Grow: How Ideals Power Growth and Profit at the World’s Greatest Companies
(Crown Business, 2011)
Brand Real: How Smart Companies Live Their Brand Promise and Inspire Fierce Customer Loyalty
The Intention Economy: When Customers Take Charge
(Harvard Business Review Press, 2012)
There is always a lot of noise around marketing. And marketers listen to it religiously in their search for the new, new thing and the edge it can confer, especially in highly competitive sectors such as consumer packaged goods. But sometimes the noise can drown out core messages about the essence and essentials of a successful product, service, or brand, and obscure our view of its future direction. This year’s best business books on marketing — all from veteran practitioners — rise above the twittering crowd by delivering the kinds of insights that make for compelling listening.
An Ideal Brand
Jim Stengel, whose name is as widely recognized among contemporary marketers as the names of the Procter & Gamble brands he helped build — Pampers and Jif, among others — is a retired executive who is not content to rest on his laurels. His first book, Grow: How Ideals Power Growth and Profit at the World’s Greatest Companies, which took root from ideas seeded during his career, is an ambitious, groundbreaking effort to define the future of brand management, supported by a study of tens of thousands of brands put forth by companies around the world.
In Grow, Stengel examines the extraordinary power and performance that can be harnessed when a brand’s purpose is defined by a distinctive, fitting “ideal.” A brand ideal is focused on improving the lives of customers, and is managed by a company that passionately identifies with the beliefs and values underlying it. Stengel claims that defining and activating a distinctive brand ideal is the most powerful lever a business leader can use to achieve competitive advantage.
Although business scholars may challenge his claim in degree, they are unlikely to challenge it in concept. After all, Peter Drucker pegged marketing as one of only two results-producing functions in a business (the other was innovation). And the importance of aligning organizational design, culture, and capabilities to the company’s vision and strategy is well known, as is the potential of a company pursuing an inspirational ideal to unleash exceptional power and commitment in its employees. Until Grow, however, little had been done to put a value on a brand ideal, and limited practical guidance had been offered on how to identify one and make it central to the company as a driver of focus, growth, and competitive advantage. Stengel addresses these questions directly.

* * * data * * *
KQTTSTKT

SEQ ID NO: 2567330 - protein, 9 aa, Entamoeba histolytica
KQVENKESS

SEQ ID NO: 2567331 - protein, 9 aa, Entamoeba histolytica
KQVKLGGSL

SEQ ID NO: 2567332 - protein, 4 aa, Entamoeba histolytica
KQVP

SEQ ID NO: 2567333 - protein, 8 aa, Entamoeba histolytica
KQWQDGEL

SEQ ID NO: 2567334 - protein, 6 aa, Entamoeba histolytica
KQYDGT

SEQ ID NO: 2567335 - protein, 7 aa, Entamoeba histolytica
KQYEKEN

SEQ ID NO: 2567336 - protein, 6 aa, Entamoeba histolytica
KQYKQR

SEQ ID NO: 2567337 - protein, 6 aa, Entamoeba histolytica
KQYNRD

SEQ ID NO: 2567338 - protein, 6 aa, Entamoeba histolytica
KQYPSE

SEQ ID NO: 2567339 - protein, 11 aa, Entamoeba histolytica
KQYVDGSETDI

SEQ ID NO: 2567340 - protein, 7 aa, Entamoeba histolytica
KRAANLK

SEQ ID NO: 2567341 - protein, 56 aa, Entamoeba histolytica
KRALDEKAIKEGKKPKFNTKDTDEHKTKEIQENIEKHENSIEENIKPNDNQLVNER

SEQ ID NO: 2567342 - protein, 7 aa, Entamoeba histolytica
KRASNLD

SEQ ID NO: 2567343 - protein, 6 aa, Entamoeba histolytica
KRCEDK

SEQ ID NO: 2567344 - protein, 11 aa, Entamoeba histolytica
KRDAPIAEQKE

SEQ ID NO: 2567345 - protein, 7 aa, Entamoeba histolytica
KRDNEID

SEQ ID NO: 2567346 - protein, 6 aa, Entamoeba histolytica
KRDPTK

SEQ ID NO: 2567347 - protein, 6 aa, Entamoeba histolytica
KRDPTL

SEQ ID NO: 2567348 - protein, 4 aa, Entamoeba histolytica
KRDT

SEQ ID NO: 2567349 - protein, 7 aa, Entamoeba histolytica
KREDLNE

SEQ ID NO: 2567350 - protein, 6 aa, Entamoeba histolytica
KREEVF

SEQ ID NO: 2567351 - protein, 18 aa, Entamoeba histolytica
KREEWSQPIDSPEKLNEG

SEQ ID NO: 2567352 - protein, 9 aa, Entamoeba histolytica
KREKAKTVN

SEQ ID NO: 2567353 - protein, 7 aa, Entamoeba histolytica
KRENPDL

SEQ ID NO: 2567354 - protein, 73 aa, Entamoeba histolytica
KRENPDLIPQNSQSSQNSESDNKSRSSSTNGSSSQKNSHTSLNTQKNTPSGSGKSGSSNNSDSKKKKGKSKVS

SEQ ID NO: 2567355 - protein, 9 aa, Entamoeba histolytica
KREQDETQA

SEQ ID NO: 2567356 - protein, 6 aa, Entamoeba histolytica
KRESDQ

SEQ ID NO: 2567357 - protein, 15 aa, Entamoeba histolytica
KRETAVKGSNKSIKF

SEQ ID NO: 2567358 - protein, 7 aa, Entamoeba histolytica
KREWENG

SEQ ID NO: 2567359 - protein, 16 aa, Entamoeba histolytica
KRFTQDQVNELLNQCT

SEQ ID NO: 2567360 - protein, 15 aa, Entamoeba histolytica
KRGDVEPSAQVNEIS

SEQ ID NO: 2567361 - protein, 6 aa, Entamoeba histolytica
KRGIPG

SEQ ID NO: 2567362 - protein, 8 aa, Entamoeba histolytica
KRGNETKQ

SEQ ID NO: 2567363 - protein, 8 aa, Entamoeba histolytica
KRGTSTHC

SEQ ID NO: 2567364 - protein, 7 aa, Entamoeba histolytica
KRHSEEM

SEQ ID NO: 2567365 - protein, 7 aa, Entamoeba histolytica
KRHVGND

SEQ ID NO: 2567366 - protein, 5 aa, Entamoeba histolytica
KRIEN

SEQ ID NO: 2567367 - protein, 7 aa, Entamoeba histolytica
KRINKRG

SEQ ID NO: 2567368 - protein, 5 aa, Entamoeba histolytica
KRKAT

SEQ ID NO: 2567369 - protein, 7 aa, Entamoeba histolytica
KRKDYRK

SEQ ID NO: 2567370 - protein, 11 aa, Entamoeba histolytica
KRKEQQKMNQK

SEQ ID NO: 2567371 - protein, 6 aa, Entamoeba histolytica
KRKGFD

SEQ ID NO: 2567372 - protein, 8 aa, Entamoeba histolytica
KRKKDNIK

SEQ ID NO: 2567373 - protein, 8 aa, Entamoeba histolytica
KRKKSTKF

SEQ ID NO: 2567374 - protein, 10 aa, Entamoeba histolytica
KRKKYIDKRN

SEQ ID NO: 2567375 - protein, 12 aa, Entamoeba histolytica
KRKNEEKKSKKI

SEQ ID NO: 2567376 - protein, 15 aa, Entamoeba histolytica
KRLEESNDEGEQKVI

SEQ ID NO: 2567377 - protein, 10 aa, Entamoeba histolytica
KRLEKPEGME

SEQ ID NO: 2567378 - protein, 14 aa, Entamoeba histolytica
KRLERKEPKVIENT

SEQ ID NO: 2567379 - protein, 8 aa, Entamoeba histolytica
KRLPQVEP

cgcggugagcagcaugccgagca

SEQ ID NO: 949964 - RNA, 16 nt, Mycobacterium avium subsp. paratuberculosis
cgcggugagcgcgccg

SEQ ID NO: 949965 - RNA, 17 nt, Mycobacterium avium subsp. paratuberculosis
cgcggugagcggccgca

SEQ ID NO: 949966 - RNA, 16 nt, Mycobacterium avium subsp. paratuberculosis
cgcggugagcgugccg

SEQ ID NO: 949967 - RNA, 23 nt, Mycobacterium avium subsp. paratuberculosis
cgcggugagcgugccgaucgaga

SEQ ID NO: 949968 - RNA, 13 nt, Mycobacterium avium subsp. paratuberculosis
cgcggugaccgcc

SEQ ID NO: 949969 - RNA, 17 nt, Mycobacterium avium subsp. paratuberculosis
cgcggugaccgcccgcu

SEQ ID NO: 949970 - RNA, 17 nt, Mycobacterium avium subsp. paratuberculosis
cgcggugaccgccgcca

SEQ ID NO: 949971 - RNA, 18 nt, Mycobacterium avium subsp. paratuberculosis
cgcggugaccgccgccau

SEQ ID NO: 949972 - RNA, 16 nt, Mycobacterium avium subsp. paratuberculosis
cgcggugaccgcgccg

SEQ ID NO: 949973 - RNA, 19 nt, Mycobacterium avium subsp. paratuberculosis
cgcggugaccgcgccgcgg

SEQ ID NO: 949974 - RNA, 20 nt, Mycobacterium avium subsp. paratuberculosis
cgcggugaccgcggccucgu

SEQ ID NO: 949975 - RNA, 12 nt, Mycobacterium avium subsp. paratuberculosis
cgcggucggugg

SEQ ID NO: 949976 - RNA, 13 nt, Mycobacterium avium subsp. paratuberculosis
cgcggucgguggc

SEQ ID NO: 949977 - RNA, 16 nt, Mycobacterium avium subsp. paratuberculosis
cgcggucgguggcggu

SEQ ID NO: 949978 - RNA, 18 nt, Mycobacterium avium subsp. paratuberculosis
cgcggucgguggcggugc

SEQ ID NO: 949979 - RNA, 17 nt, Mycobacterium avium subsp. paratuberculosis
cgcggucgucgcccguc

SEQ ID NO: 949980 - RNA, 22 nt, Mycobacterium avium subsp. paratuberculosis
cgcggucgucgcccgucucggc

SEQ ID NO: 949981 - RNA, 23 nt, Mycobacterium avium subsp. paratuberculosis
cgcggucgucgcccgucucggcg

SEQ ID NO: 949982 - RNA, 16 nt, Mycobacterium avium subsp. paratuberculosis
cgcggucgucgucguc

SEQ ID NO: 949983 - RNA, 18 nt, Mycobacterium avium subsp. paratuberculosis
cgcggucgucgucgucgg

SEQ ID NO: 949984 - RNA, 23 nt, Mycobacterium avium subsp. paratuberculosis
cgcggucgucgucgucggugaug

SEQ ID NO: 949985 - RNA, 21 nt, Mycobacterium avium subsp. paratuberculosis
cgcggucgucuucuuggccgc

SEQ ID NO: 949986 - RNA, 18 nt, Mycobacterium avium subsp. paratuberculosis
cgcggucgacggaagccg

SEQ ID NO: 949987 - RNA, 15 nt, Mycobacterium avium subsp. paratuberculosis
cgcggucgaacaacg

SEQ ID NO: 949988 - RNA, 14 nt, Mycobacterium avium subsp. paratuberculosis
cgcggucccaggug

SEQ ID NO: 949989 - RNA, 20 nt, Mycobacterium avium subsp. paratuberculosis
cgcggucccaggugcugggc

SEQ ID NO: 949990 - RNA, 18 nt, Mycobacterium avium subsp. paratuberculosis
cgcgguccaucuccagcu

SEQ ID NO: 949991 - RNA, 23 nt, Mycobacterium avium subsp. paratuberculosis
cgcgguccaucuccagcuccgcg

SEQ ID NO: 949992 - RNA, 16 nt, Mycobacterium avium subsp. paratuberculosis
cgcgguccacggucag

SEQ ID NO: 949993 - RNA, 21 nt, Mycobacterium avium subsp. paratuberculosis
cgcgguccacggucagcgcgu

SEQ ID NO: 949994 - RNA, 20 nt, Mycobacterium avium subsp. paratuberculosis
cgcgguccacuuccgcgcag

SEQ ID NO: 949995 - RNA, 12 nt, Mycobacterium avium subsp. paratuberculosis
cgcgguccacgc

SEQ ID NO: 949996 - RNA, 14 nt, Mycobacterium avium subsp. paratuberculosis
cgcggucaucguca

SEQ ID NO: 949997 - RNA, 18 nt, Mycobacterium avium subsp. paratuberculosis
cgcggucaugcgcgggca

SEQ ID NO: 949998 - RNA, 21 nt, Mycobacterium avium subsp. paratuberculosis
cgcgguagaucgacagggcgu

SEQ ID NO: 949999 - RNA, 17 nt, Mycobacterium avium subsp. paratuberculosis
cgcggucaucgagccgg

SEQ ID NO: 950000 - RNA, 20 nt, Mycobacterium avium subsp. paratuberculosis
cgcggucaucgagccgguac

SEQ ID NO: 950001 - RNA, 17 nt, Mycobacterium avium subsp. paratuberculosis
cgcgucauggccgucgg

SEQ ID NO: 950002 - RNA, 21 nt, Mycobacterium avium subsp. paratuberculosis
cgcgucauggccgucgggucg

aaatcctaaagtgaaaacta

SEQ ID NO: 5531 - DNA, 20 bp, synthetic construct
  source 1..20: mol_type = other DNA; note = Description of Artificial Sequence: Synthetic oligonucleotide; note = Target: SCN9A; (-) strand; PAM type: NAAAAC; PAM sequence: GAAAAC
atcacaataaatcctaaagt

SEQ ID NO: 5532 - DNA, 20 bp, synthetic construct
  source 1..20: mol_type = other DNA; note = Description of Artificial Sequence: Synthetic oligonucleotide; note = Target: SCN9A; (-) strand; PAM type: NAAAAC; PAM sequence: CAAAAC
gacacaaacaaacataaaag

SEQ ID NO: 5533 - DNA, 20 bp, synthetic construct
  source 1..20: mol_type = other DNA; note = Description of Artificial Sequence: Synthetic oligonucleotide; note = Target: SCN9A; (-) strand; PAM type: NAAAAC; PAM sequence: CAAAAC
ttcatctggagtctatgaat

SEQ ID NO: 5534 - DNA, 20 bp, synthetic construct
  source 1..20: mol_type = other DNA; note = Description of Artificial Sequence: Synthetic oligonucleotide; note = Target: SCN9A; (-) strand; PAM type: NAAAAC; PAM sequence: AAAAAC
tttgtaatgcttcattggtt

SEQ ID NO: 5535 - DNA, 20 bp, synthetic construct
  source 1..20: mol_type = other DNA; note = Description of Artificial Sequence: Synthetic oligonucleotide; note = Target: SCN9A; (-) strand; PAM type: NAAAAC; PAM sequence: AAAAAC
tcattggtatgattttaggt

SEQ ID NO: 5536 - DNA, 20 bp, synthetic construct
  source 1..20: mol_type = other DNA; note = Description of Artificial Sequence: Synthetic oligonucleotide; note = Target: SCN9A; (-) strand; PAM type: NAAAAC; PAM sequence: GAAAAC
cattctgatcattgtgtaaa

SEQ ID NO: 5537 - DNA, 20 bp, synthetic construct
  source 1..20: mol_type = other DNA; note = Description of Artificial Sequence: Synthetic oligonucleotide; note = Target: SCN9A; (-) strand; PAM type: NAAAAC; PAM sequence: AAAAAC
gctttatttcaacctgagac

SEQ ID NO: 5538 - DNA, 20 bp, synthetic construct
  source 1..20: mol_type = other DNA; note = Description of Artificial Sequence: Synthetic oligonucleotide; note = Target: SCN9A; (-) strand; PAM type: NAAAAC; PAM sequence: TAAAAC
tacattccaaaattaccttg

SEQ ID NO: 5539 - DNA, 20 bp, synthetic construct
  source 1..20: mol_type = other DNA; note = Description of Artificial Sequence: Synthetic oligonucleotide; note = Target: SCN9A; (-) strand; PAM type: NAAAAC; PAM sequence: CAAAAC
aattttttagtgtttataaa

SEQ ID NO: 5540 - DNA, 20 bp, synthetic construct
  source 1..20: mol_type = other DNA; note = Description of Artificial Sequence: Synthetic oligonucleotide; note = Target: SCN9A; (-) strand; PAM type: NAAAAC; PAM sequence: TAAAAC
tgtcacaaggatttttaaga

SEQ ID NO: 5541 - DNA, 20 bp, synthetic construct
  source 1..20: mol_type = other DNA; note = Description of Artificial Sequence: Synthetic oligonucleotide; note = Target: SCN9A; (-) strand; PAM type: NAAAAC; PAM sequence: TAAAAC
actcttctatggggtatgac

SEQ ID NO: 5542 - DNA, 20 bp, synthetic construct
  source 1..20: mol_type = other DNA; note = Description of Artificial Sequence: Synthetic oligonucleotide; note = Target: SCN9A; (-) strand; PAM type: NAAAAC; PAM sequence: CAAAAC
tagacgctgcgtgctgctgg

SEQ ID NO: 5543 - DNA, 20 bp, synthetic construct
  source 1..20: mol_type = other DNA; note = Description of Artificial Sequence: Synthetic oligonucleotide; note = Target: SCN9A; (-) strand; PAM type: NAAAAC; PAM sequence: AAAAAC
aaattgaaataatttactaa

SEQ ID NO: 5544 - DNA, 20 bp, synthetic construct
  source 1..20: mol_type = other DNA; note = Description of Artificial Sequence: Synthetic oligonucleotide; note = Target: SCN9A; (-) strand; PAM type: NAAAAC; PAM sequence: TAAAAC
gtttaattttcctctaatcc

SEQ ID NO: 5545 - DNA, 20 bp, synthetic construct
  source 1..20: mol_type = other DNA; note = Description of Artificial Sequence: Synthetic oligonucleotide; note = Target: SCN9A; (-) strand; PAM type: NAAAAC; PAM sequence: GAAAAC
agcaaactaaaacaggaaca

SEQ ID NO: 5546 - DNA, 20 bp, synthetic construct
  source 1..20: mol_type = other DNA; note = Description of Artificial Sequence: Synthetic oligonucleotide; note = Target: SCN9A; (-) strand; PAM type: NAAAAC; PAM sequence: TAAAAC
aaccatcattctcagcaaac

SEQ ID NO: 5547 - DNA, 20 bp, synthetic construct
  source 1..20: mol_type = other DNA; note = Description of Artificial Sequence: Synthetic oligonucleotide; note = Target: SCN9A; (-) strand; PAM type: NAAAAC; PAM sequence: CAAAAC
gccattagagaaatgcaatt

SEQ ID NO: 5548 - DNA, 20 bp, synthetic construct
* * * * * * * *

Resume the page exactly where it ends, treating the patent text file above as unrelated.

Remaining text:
The assumption that brands can make a sizable contribution to shareholder value is foundational to Stengel’s thesis. In fact, brand and business success are synonymous to him because “a brand is what a business is all about in the hearts and minds of the people most important to its future.” To support this thesis, the author cites Millward Brown Optimor’s body of work, which calculated that brand value now accounts for more than 30 percent of the aggregate market capitalization of companies in the S&P 500.
Further, Stengel (in partnership with Millward Brown) designed a new research study of brands, the “Stengel Study of Business Growth,” which analyzed 10 years of data from more than 50,000 brands. It found that the 50 companies whose brands were most strongly associated with improving people’s lives — the “Stengel 50” — generated a return on investment that outpaced the S&P 500 by nearly 400 percent.